Generic type as generic constraint

I don’t claim to know the best way to implement this, but the feature I am proposing does indeed allow accessing Value.Wrapped in that extension.

I strongly support parameterized extensions.

And even when we have them, I still feel strongly that extension Dictionary where Value: Optional is a much more natural spelling.

The version with angle brackets is fine for the full-fledged feature that allows multiple parameters with constraints between them, but in the simple case the simple syntax should work as well.

Also, I don’t think this simple version needs to wait for the full-fledged feature. It is useful on its own, the syntax is clear, and perhaps the work to implement it might help lay the groundwork for more complex parameterized extensions.

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I'm certainly conflicted. On the one hand, I like that if you want them to be part of the API, you have to explicitly do so. On the other hand, a lot of folks would have motivation to use something other than T as a type parameter so that they don't have a bunch of .Ts stuck on their types...

Thanks for clarifying; since there would be broader implications to introducing that syntax, we should be more explicit about it instead of leaving it as something implied by the surrounding idea. Is your suggestion that you'd only be able to access the generic type using the Value.Wrapped syntax in an extension of this kind? What about contexts where someone would try to reference a generic type argument outside of one of these proposed extensions? For example,

// If this is allowed...
extension Array where Element: Optional {
  func foo() -> Element.Wrapped {}
}

// ...would this also be?
func foo() -> Optional<Int>.Wrapped {}

If the second one is allowed, then we have consistency, but then this is now a much larger change than making a certain kind of extension possible; it adds new members to all generic types.

If the second one isn't allowed, then we have an inconsistency where someone can access a member using a syntax and name inside an extension that they can't access using the same syntax and name outside of the extension, even when the actual types on the left-hand side are equivalent. That seems likely to cause confusion.

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It’s mildly surprising that this doesn’t already work today.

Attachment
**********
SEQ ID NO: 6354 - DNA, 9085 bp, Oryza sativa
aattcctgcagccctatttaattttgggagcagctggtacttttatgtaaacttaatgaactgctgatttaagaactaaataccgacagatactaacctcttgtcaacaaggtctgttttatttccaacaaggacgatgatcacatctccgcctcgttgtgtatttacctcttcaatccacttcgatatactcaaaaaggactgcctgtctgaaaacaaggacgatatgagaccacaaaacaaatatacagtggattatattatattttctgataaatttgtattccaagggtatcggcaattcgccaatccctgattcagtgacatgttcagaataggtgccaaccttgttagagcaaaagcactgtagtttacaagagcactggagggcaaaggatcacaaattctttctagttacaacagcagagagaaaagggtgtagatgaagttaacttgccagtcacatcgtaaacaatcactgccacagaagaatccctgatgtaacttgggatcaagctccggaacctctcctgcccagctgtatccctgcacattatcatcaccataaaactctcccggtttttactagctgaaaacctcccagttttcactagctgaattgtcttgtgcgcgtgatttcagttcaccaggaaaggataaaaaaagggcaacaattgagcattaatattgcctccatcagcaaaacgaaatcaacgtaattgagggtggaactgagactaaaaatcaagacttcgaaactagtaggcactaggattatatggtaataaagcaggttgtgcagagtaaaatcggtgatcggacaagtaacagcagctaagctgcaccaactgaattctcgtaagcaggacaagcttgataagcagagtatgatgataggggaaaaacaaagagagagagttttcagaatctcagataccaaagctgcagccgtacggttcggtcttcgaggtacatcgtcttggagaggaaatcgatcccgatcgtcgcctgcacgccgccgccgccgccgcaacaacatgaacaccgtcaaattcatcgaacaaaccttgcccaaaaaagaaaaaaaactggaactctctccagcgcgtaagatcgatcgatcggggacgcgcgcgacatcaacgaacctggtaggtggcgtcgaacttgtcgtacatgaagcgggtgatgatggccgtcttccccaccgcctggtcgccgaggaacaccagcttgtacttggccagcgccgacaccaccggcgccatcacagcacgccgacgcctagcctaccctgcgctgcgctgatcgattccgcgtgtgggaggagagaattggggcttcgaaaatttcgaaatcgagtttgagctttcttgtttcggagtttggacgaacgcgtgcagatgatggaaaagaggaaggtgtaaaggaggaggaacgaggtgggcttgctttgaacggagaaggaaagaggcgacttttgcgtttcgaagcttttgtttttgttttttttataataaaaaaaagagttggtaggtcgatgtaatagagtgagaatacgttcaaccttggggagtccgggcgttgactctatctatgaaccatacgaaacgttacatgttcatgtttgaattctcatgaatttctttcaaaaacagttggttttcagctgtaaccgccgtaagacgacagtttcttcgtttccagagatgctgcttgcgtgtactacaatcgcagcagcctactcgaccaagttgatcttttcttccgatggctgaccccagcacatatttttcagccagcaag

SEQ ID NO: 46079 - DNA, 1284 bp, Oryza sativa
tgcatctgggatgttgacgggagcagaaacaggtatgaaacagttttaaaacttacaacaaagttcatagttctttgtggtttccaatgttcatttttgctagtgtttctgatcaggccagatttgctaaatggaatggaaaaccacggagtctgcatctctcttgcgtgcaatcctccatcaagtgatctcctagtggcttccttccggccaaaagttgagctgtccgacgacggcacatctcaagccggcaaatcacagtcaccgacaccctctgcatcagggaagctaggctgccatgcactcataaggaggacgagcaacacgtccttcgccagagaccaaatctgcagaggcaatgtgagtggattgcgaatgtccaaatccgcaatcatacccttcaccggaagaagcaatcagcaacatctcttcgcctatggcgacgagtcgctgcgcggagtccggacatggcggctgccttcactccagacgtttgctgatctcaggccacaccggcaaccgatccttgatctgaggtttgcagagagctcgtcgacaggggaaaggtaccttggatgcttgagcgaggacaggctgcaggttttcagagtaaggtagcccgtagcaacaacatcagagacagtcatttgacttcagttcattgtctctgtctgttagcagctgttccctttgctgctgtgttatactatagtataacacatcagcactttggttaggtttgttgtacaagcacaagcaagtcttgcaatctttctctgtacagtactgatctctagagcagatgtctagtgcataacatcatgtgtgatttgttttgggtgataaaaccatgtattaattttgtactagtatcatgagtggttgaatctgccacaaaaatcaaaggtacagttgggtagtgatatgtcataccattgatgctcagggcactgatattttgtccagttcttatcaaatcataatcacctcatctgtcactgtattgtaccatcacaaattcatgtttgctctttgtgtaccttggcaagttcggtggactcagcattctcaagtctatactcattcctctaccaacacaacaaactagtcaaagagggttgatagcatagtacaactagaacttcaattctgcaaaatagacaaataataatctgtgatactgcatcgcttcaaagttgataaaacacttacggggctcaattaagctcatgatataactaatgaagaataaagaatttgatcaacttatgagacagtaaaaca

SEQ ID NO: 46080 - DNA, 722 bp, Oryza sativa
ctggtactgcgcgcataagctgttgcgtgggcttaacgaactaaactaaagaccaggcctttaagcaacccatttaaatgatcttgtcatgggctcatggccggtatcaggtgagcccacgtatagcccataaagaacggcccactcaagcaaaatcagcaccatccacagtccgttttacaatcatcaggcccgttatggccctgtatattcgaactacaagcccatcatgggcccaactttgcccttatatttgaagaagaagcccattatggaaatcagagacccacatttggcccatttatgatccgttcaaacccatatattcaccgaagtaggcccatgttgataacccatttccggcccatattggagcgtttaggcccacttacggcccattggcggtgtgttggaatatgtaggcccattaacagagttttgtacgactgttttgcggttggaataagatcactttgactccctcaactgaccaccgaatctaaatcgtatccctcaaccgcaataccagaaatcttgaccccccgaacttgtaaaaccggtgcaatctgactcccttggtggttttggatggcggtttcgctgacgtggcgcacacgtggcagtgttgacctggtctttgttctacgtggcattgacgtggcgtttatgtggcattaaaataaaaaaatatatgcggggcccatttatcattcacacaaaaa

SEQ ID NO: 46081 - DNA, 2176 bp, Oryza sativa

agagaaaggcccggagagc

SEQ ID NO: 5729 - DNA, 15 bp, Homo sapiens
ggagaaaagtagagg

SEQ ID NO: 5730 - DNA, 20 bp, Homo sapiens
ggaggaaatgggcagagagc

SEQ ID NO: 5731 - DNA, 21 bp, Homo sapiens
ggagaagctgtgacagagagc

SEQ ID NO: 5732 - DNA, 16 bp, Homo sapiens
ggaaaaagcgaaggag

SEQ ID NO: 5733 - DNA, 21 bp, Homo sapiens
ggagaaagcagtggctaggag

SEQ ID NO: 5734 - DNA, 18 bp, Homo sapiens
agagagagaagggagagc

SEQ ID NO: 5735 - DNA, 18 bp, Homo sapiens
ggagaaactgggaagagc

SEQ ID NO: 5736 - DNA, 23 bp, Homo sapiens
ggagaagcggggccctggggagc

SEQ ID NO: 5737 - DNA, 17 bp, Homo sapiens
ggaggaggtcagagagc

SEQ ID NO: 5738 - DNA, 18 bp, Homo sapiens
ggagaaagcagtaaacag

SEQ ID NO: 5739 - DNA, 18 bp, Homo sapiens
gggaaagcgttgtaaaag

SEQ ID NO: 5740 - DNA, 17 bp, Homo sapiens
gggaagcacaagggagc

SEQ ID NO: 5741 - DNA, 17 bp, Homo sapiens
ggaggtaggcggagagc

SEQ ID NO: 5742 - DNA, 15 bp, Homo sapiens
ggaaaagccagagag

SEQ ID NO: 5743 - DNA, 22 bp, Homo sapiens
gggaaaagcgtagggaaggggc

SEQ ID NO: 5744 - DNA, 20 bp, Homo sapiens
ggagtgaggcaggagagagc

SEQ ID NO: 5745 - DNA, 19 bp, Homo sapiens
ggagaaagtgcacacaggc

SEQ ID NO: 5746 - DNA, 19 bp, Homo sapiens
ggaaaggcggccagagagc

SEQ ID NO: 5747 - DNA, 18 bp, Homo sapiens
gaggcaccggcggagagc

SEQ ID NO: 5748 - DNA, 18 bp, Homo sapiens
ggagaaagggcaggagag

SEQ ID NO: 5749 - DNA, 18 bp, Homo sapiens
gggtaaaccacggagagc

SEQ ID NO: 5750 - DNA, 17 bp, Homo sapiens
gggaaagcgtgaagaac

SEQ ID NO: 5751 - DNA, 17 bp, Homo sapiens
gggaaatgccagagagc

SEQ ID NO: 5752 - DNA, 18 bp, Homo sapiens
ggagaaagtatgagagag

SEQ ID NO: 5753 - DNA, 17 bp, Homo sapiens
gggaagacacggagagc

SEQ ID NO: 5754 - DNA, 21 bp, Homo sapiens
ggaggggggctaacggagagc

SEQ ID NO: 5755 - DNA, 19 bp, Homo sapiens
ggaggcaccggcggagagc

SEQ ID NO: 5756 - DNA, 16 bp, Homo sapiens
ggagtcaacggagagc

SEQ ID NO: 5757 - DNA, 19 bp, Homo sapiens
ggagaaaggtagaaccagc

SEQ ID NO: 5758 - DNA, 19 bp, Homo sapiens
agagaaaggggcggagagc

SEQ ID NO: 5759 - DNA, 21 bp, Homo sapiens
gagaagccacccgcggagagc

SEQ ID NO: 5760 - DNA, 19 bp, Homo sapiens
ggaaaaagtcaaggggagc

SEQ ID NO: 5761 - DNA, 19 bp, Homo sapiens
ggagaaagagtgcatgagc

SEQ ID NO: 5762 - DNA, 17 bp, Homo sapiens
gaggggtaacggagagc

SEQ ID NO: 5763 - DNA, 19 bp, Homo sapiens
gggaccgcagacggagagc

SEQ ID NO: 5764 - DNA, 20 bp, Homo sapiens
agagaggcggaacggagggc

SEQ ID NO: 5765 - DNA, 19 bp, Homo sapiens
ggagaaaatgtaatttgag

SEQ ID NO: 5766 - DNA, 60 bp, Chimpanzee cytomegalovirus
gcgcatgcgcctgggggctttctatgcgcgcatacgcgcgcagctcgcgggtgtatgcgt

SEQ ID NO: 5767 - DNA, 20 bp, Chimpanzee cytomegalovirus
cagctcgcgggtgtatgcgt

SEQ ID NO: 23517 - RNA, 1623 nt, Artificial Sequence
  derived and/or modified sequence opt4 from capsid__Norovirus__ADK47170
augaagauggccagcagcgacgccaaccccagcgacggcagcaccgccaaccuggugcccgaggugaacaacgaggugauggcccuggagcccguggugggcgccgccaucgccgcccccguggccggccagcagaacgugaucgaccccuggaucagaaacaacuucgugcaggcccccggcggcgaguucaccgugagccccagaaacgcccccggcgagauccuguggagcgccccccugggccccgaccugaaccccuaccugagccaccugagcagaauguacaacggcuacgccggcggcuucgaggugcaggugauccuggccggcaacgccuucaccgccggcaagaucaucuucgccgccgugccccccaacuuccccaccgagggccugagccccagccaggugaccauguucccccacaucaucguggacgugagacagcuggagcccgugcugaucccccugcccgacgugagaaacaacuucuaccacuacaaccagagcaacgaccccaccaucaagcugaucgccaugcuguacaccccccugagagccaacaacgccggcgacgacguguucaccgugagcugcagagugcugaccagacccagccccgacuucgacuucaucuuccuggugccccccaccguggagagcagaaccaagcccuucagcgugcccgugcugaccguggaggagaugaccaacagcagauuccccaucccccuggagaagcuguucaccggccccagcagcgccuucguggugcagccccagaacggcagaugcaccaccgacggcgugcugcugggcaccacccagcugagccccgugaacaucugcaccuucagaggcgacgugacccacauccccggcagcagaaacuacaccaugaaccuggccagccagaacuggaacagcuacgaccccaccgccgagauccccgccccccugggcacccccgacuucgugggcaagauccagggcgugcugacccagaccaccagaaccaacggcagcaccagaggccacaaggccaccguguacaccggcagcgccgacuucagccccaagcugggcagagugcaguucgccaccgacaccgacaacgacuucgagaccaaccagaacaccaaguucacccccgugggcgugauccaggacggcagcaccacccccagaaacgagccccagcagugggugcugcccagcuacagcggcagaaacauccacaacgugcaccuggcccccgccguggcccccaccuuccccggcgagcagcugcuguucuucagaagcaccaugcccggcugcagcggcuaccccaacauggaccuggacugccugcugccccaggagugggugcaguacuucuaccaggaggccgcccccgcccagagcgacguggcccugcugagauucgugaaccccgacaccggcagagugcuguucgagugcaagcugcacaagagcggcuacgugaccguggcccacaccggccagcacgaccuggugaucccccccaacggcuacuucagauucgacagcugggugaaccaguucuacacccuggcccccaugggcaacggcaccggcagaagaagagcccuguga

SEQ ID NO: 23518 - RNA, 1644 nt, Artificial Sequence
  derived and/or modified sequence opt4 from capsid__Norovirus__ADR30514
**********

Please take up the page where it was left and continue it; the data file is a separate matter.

Within extension Optional you can write Self.Wrapped, so the inconsistency you describe already exists today. There’s no fundamental conceptual difference between that and Value.Wrapped as proposed: one is an extension where Self is optional, and the other is an extension where Self.Value is optional.

I don’t think that concern about such an inconsistency is any reason to wait on what I’m proposing, but rather it is simply another reason to make Wrapped available on Optional in every context, as a separate and orthogonal feature.

2 Likes

I think the discussion about making generic parameters into members is leading the discussion farther from the point that with the possible introduction of parametric extensions, the following extension context would not need to access Wrapped because it already has T:

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Do you have an example where that works? Because this is what I see:

$ swiftc -version
swift-driver version: 1.26.9 Apple Swift version 5.5.1 (swiftlang-1300.0.31.4 clang-1300.0.29.6)
Target: arm64-apple-macosx12.0

$ swiftc -c - <<'EOF'
extension Optional { func wrappedValue() -> Self.Wrapped { fatalError() } }
EOF

<stdin>:1:50: error: 'Wrapped' is not a member type of generic enum 'Swift.Optional<Wrapped>'
extension Optional { func wrappedValue() -> Self.Wrapped { fatalError() } }
                                            ~~~~ ^
Swift.Optional:1:21: note: 'Optional' declared here
@frozen public enum Optional<Wrapped> : ExpressibleByNilLiteral {
                    ^

If you're trying it in a context where you've already applied the OptionalProtocol conformance from your original post, that would explain it since the associatedtype would automatically get a typealias from the matching generic argument.

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My mistake, you’re right. You can write Wrapped but not Self.Wrapped.

…which is itself surprising. Those seem like they ought to be synonyms there.

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It's a pretty fundamental difference between a generic parameter and a typealias member: